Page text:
A film by Andrew Cohen / A-C Films
Switzerland, China, 2011
During a recent visit to Yan Pei-Ming’s enormous studio outside Paris, the director explores and discusses the prolific painter’s new works. With a style that blurs the lines between abstract and figurative, Ming examines the existential dichotomies of being and non-being and of hunters and the hunted in today’s society. Sharing his works that address various social issues such as Rupert Murdoch, women behind veils, starving children, animals or forests soon to disappear, Ming offers the viewer an insight into his creative process.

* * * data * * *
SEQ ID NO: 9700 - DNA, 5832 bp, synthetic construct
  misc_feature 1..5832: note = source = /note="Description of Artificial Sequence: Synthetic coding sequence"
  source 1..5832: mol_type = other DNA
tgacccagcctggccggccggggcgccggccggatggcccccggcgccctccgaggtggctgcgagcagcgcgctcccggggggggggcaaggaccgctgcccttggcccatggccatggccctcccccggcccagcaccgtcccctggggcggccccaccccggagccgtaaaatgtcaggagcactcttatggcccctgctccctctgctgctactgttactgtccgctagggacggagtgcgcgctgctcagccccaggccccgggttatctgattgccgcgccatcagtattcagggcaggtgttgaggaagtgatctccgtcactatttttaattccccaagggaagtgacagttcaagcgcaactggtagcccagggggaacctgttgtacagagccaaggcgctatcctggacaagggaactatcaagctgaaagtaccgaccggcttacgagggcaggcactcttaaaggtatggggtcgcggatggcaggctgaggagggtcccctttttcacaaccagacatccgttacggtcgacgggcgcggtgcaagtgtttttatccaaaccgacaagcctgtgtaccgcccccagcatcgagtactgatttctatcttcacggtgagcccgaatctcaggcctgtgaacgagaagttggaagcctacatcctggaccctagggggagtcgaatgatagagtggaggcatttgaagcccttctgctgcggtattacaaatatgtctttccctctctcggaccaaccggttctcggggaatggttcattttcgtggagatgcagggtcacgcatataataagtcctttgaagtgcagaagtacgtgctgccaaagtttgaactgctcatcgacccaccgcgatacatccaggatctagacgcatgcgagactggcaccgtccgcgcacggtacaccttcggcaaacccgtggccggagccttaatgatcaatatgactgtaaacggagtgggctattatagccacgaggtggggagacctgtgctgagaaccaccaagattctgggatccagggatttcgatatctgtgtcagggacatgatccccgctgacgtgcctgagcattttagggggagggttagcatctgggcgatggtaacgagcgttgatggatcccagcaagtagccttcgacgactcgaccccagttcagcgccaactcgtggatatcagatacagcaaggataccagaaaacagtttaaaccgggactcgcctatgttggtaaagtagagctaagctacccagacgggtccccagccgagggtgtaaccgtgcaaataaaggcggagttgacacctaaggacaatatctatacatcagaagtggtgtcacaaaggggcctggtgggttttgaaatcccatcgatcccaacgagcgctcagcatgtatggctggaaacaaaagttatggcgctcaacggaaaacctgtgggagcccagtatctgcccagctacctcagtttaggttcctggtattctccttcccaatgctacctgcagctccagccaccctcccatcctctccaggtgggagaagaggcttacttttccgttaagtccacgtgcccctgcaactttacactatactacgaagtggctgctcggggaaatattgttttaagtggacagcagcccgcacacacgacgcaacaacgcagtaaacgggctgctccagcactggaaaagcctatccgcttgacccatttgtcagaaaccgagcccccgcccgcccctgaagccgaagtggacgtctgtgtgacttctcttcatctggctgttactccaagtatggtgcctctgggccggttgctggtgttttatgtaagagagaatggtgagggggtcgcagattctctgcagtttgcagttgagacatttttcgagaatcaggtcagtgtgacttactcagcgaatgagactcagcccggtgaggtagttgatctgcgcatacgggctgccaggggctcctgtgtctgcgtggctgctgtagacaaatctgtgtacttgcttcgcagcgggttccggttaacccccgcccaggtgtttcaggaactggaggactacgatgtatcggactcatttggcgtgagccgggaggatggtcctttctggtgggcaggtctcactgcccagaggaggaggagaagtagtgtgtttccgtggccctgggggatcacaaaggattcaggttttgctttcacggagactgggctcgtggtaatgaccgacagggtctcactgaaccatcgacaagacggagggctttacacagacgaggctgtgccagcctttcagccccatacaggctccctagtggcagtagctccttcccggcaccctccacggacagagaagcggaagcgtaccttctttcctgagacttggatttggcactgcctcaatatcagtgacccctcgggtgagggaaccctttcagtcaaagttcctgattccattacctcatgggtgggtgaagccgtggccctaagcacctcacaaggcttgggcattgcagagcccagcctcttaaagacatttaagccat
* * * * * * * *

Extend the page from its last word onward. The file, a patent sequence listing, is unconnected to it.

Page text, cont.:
ABOUT YAN PEI-MING:
«He is best-known for his portraits of well-known political and cultural icons—including Mao Zedong, Bruce Lee, Pope John Paul II, US president Barack Obama, or infamous fraudster Bernard Madoff. In this way his works reference major news events and historical issues, at a point where painting meets the contemporary proliferation of media images. Other works include a series of large canvases on prostitutes, his larger-than-life self-portraits and a ten-meter-long monochrome watercolour of piled skulls, 22 skulls (2006). In 2009 the Louvre Museum exhibited Yan’s Mona Lisa’s Funeral (2001) and other works.» (AAP)
OTHER PORTRAITS OF CHINESE ARTISTS (BY THE SAME DIRECTOR):